But what truly disappointed me were the similar comments posted anonymously on Oberlin’s Yik Yak and the Oberlin Confessions Facebook page. For the most part, Oberlin students have the reputation of willingly learning about systems of oppression and taking a stand against them. Most of us came here to learn about systems that deter the advancement of people of color and to fight the prejudices that we grew up with. For some, though, that is not the case. After the grand jury decision, there were many comments on Oberlin’s Yik Yak that reflected the same ignorance and prejudice demonstrated in the comments stated above.
I understand that anonymity gives people the opportunity to say anything they want, especially if it is things they would feel uncomfortable saying publicly. However, now I am cautious of the people who are in my classes or who I meet at social events, because they could be the same people posting prejudiced things in these anonymous online forums. As a Black woman on a white campus, I already feel overly conscious of myself in different spaces I occupy on campus. I would prefer to be around people who understand the prejudices that I face in life, instead of people who pretend that these prejudices do not exist or who say very prejudiced things to me. Unfortunately, the lesson that I have learned from reading all of those anonymous posts is that there is social justice work that needs to be done not just in America, but here at Oberlin.
I think that we need to change our approach in how we tackle this issue. As some have stated on social media, white allies need to educate other members of the white community about systems of oppression. White allies have the privilege of being able to occupy more than one space. White allies are getting educated about racism in America in POC spaces, but I question if they are challenging other whites when they are not in the presence of other people of color. Think about it from this perspective: When have you corrected your parents, uncles, aunts, cousins, friends, or even partners about the prejudiced statements that they have made? Did you delete one of your white friends on Facebook after Darren Wilson was not indicted instead of engaging in conversation with them? Do you let it go because you do not want to initiate an argument or because it makes you uncomfortable?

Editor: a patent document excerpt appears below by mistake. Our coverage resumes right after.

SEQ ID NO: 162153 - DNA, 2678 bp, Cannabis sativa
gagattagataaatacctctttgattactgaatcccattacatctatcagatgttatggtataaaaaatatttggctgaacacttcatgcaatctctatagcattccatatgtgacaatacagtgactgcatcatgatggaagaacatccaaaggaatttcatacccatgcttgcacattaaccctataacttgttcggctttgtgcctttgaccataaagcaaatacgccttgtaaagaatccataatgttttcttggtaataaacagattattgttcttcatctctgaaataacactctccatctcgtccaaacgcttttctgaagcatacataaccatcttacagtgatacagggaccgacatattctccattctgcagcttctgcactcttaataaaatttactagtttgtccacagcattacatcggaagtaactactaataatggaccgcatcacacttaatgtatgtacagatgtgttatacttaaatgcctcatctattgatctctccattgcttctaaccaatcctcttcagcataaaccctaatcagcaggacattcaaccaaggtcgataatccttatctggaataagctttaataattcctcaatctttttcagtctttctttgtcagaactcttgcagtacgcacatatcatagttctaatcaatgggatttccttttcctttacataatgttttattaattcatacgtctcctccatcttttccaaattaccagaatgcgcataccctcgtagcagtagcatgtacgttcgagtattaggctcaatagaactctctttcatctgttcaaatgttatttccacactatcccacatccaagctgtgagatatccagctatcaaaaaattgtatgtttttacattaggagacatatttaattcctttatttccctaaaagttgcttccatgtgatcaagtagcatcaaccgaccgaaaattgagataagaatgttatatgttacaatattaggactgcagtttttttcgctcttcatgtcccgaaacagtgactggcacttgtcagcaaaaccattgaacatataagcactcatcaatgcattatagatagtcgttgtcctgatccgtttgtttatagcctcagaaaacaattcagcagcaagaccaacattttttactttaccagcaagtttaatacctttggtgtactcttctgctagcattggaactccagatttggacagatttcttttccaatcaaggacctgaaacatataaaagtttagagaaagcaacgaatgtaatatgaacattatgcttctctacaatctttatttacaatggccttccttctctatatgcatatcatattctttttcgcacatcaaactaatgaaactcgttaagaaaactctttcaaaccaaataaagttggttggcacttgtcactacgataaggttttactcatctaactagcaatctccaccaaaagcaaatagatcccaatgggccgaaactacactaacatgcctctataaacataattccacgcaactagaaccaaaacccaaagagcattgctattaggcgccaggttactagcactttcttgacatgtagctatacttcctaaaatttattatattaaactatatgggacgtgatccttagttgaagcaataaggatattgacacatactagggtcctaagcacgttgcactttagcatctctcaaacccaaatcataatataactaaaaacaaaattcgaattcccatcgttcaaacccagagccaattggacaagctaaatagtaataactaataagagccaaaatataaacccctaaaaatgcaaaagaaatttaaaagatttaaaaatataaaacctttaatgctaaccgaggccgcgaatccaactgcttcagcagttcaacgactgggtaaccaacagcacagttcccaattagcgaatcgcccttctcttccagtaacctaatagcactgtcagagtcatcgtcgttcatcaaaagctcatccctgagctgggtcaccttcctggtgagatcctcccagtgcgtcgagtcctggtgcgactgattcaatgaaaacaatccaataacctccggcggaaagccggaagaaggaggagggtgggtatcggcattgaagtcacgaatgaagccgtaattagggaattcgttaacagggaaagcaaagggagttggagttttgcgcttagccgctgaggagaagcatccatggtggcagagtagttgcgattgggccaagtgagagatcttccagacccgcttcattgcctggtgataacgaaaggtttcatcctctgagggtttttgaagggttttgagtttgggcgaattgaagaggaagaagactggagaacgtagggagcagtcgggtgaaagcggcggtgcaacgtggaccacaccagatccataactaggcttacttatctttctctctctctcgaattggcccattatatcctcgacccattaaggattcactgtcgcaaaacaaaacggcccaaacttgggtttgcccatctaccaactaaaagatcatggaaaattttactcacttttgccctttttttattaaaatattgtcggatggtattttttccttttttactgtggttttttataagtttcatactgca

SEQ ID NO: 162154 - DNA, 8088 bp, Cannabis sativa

Every day, Black and Brown people experience being uncomfortable in white spaces and feel pressured into speaking about their own experiences. So be bold and speak up: Your voice needs to be heard in these spaces where POC voices can’t enter. You have the knowledge and the ability to create a dialogue that will change the minds of those around you. When you do social justice work, you must think on this scale and educate others in these white communities who are not confronted about their own prejudices every day.
In order for Black and Brown people to be liberated from oppressive systems, we must reach a broader audience of people. The anonymous racist commentary on online forums here at Oberlin proves that allies have more work to do. Only by confronting those who are perpetuating white supremacist attitudes can allies get to the root of the problem and mobilize more communities to think critically about structural racism and privilege.